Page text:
SHAFAQNA – File photo. Scott Forstall, senior vice president of iOS Software at Apple Inc, speaks about iPhone5 apps during Apple Inc.’s iPhone media event in San Francisco, California Sept. 12, 2012. (REUTERS/Beck Diefenbach)
But free apps often have a privacy cost. When you install an app, you probably never read its terms and conditions. You merely click “Agree.” In the terms and conditions, the app developer typically reveals what data you are voluntarily handing over, such as your online activities, location, contact list, text messages and more. (By the way, none of the apps on my 10 Best lists do this.)
Researchers at Carnegie Mellon University recently analyzed the Google Play store’s top 100 apps operations, terms and conditions. They found these 10 requested the most access to your smartphone or tablet’s hardware:
Backgrounds HD Wallpaper
Talking Tom Virtual Pet
It makes sense that Google Maps needs your location and song-identifying Shazam needs access to your microphone, but why does a virtual pet, dictionary or wallpaper app need anything like that? Both iOS and Android have built-in flashlights, so you don’t even need an app.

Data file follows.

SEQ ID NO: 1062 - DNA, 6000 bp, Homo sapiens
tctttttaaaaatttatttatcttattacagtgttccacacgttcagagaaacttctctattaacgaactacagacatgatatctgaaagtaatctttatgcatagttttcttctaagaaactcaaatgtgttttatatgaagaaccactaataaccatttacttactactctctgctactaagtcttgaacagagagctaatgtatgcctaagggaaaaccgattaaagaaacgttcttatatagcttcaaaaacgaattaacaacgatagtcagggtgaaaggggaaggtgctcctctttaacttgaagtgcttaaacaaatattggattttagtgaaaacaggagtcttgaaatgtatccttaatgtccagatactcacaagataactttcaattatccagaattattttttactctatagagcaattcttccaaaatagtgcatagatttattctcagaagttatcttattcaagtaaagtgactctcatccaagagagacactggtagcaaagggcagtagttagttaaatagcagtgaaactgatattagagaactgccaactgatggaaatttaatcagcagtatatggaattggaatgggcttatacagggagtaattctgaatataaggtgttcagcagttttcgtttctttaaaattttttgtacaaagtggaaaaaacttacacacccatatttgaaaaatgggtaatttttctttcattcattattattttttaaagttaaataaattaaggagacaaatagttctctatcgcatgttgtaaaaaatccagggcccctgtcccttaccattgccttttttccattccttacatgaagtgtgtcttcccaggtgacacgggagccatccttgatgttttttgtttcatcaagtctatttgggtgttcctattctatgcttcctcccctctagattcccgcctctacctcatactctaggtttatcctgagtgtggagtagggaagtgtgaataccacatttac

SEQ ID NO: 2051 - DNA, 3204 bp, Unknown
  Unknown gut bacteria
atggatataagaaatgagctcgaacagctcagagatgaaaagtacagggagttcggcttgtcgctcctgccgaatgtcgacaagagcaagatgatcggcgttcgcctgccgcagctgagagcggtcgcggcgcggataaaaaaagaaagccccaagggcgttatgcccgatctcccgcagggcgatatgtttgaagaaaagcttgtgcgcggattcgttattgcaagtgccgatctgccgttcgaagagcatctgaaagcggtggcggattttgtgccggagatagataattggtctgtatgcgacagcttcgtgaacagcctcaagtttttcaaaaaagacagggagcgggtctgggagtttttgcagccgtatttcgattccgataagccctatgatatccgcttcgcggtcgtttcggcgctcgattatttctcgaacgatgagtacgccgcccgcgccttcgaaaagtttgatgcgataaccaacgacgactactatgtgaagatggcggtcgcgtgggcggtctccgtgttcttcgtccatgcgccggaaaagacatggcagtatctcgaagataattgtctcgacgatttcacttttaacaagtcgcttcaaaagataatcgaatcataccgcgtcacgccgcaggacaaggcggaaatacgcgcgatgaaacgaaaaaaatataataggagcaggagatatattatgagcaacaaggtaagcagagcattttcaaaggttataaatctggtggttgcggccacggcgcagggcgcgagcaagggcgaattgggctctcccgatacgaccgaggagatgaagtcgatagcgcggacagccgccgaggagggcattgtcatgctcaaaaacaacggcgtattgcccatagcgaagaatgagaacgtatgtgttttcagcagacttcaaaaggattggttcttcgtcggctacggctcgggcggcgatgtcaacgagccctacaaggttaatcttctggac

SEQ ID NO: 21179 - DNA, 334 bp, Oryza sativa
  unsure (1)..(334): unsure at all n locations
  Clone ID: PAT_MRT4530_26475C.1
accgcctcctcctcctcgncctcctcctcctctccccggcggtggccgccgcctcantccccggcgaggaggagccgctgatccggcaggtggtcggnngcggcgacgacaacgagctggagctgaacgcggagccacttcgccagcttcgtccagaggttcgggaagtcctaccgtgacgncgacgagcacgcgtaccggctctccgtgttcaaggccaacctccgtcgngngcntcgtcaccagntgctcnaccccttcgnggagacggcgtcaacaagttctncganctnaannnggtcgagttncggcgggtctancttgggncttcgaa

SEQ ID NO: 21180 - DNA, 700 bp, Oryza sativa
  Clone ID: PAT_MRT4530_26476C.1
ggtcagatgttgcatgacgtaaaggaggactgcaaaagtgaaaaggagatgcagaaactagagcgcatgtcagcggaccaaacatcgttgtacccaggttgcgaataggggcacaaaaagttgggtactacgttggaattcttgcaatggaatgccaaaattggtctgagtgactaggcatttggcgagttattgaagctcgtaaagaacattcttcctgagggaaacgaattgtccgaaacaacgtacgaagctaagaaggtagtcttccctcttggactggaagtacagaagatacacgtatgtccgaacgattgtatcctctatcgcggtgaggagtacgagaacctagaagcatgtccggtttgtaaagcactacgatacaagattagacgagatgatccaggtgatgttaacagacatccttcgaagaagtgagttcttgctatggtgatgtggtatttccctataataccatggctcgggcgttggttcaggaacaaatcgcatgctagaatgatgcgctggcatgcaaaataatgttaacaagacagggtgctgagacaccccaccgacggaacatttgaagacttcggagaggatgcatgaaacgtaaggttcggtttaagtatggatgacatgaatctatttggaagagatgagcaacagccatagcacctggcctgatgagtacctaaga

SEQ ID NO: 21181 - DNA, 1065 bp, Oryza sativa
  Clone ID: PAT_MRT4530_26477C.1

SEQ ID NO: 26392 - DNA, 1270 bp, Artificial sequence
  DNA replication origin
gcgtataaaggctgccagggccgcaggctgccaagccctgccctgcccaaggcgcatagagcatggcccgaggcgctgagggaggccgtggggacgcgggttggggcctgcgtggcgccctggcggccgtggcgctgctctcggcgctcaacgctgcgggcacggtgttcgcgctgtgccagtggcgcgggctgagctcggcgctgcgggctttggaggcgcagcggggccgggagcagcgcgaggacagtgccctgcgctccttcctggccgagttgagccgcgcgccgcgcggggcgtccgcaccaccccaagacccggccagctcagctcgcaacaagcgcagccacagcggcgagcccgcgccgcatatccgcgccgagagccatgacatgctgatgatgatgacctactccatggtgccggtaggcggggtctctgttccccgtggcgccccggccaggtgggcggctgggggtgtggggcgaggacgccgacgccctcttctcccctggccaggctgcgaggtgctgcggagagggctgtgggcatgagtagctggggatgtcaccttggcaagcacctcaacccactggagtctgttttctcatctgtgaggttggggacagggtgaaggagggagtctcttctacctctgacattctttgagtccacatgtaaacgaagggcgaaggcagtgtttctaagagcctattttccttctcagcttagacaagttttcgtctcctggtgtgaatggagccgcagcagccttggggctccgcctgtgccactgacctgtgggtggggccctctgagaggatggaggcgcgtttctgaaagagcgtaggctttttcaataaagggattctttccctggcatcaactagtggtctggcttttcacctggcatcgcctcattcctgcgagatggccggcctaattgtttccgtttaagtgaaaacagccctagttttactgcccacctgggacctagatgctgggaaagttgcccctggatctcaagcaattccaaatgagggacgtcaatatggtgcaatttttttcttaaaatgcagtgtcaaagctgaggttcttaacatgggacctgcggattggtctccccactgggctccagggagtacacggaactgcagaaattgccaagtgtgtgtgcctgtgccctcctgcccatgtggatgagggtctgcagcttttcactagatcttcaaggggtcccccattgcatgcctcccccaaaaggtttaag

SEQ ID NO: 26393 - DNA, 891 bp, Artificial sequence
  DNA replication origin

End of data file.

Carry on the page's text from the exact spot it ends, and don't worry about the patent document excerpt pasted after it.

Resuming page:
While the researchers looked at Android apps, almost all of them have iOS versions. iOS lets you set permissions on a case-by-case basis. Go to Settings>>Privacy and choose the permission, such as camera or GPS. Slide the slider to “Off” to deny a permission.
Unlike iOS, Android doesn’t have per-app permission controls. It was a hidden feature in Android 4.4.2, but Google removed it. No one knows when or if it will be back.
Before you install any Android app, check the app’s page in the Google Play store. Google requires that developers reveal permissions that the app requires.
On an app page, scroll down to the “Additional Information” section and under “Permissions” click “View details.” Google users can turn off GPS and location services. Go to Settings>>Personal>>Location Services and uncheck any checked boxes.
As for apps that collect your contact data, make sure the app needs it for a legitimate reason. For example, communication apps Skype or Google Voice require it.
If you’re wondering about other apps, visit PrivacyGrade, where researchers from Carnegie Mellon examine what permissions an app should need and what it actually requires, and then they assign it a grade.
Every week, I publish a free newsletter that covers apps, privacy, security and more for smartphones and tablets. Android users can sign up here. For the Apple version, click here. It’s an easy way to stay up-to-date.
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